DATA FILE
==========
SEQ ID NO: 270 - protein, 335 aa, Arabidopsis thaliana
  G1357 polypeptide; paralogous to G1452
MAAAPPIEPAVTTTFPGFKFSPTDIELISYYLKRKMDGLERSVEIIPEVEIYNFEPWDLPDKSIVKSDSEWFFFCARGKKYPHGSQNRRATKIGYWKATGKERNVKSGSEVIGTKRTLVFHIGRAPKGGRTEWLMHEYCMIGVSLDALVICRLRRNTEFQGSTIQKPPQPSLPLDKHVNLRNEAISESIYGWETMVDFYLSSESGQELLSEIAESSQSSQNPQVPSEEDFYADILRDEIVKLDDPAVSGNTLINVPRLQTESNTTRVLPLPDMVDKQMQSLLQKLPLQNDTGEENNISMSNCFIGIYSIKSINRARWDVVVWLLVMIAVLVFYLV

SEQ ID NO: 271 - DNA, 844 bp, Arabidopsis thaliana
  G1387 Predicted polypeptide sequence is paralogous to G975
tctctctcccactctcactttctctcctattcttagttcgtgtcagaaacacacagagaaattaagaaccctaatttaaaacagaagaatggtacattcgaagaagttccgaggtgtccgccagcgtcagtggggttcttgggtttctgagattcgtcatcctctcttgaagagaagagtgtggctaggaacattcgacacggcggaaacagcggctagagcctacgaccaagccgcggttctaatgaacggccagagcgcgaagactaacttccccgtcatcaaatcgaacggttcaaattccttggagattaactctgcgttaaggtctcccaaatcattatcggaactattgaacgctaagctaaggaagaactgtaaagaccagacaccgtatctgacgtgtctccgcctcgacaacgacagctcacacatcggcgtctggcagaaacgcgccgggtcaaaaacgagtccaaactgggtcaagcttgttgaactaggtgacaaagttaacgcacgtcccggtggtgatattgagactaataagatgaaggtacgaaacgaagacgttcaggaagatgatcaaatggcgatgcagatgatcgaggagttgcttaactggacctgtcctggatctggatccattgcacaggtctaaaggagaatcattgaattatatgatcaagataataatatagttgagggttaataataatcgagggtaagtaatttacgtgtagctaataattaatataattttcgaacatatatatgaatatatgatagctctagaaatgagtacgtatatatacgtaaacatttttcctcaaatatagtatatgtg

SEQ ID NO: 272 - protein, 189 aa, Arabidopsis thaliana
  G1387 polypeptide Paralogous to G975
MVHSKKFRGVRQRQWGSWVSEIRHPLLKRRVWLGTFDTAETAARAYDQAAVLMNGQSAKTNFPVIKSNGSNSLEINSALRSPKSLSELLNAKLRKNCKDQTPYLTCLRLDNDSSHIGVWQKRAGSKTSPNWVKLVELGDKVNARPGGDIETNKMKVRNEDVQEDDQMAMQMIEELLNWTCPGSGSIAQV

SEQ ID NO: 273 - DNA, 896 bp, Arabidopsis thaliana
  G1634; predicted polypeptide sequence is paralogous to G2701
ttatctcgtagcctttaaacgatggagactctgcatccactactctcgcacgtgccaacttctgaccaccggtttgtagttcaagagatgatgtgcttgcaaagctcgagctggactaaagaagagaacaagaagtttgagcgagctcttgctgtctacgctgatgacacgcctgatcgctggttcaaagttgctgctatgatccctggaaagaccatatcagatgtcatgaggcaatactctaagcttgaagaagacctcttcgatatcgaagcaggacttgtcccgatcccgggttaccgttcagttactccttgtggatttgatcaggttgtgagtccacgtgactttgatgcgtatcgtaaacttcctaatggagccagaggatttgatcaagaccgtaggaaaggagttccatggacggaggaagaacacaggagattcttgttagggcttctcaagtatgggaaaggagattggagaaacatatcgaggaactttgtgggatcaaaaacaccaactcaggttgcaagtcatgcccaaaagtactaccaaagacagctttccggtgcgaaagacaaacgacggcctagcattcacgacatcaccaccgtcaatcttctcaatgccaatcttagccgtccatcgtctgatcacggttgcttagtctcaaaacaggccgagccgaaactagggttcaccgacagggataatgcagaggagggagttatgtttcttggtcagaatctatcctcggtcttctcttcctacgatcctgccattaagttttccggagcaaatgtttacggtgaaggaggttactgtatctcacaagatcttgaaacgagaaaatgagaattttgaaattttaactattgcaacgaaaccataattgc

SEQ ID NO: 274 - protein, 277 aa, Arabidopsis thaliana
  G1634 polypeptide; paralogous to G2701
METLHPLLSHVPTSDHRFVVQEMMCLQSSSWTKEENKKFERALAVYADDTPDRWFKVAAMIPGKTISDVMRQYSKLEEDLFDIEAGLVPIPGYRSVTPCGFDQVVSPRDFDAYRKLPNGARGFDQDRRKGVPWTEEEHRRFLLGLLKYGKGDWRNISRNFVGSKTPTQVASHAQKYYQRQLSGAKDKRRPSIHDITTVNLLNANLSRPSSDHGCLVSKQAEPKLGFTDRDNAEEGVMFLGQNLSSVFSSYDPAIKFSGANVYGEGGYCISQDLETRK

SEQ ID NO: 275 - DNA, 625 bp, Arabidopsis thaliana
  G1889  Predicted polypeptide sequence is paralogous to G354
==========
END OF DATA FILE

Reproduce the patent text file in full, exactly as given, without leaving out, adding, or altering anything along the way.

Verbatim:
SEQ ID NO: 270 - protein, 335 aa, Arabidopsis thaliana
  G1357 polypeptide; paralogous to G1452
MAAAPPIEPAVTTTFPGFKFSPTDIELISYYLKRKMDGLERSVEIIPEVEIYNFEPWDLPDKSIVKSDSEWFFFCARGKKYPHGSQNRRATKIGYWKATGKERNVKSGSEVIGTKRTLVFHIGRAPKGGRTEWLMHEYCMIGVSLDALVICRLRRNTEFQGSTIQKPPQPSLPLDKHVNLRNEAISESIYGWETMVDFYLSSESGQELLSEIAESSQSSQNPQVPSEEDFYADILRDEIVKLDDPAVSGNTLINVPRLQTESNTTRVLPLPDMVDKQMQSLLQKLPLQNDTGEENNISMSNCFIGIYSIKSINRARWDVVVWLLVMIAVLVFYLV

SEQ ID NO: 271 - DNA, 844 bp, Arabidopsis thaliana
  G1387 Predicted polypeptide sequence is paralogous to G975
tctctctcccactctcactttctctcctattcttagttcgtgtcagaaacacacagagaaattaagaaccctaatttaaaacagaagaatggtacattcgaagaagttccgaggtgtccgccagcgtcagtggggttcttgggtttctgagattcgtcatcctctcttgaagagaagagtgtggctaggaacattcgacacggcggaaacagcggctagagcctacgaccaagccgcggttctaatgaacggccagagcgcgaagactaacttccccgtcatcaaatcgaacggttcaaattccttggagattaactctgcgttaaggtctcccaaatcattatcggaactattgaacgctaagctaaggaagaactgtaaagaccagacaccgtatctgacgtgtctccgcctcgacaacgacagctcacacatcggcgtctggcagaaacgcgccgggtcaaaaacgagtccaaactgggtcaagcttgttgaactaggtgacaaagttaacgcacgtcccggtggtgatattgagactaataagatgaaggtacgaaacgaagacgttcaggaagatgatcaaatggcgatgcagatgatcgaggagttgcttaactggacctgtcctggatctggatccattgcacaggtctaaaggagaatcattgaattatatgatcaagataataatatagttgagggttaataataatcgagggtaagtaatttacgtgtagctaataattaatataattttcgaacatatatatgaatatatgatagctctagaaatgagtacgtatatatacgtaaacatttttcctcaaatatagtatatgtg

SEQ ID NO: 272 - protein, 189 aa, Arabidopsis thaliana
  G1387 polypeptide Paralogous to G975
MVHSKKFRGVRQRQWGSWVSEIRHPLLKRRVWLGTFDTAETAARAYDQAAVLMNGQSAKTNFPVIKSNGSNSLEINSALRSPKSLSELLNAKLRKNCKDQTPYLTCLRLDNDSSHIGVWQKRAGSKTSPNWVKLVELGDKVNARPGGDIETNKMKVRNEDVQEDDQMAMQMIEELLNWTCPGSGSIAQV

SEQ ID NO: 273 - DNA, 896 bp, Arabidopsis thaliana
  G1634; predicted polypeptide sequence is paralogous to G2701
ttatctcgtagcctttaaacgatggagactctgcatccactactctcgcacgtgccaacttctgaccaccggtttgtagttcaagagatgatgtgcttgcaaagctcgagctggactaaagaagagaacaagaagtttgagcgagctcttgctgtctacgctgatgacacgcctgatcgctggttcaaagttgctgctatgatccctggaaagaccatatcagatgtcatgaggcaatactctaagcttgaagaagacctcttcgatatcgaagcaggacttgtcccgatcccgggttaccgttcagttactccttgtggatttgatcaggttgtgagtccacgtgactttgatgcgtatcgtaaacttcctaatggagccagaggatttgatcaagaccgtaggaaaggagttccatggacggaggaagaacacaggagattcttgttagggcttctcaagtatgggaaaggagattggagaaacatatcgaggaactttgtgggatcaaaaacaccaactcaggttgcaagtcatgcccaaaagtactaccaaagacagctttccggtgcgaaagacaaacgacggcctagcattcacgacatcaccaccgtcaatcttctcaatgccaatcttagccgtccatcgtctgatcacggttgcttagtctcaaaacaggccgagccgaaactagggttcaccgacagggataatgcagaggagggagttatgtttcttggtcagaatctatcctcggtcttctcttcctacgatcctgccattaagttttccggagcaaatgtttacggtgaaggaggttactgtatctcacaagatcttgaaacgagaaaatgagaattttgaaattttaactattgcaacgaaaccataattgc

SEQ ID NO: 274 - protein, 277 aa, Arabidopsis thaliana
  G1634 polypeptide; paralogous to G2701
METLHPLLSHVPTSDHRFVVQEMMCLQSSSWTKEENKKFERALAVYADDTPDRWFKVAAMIPGKTISDVMRQYSKLEEDLFDIEAGLVPIPGYRSVTPCGFDQVVSPRDFDAYRKLPNGARGFDQDRRKGVPWTEEEHRRFLLGLLKYGKGDWRNISRNFVGSKTPTQVASHAQKYYQRQLSGAKDKRRPSIHDITTVNLLNANLSRPSSDHGCLVSKQAEPKLGFTDRDNAEEGVMFLGQNLSSVFSSYDPAIKFSGANVYGEGGYCISQDLETRK

SEQ ID NO: 275 - DNA, 625 bp, Arabidopsis thaliana
  G1889  Predicted polypeptide sequence is paralogous to G354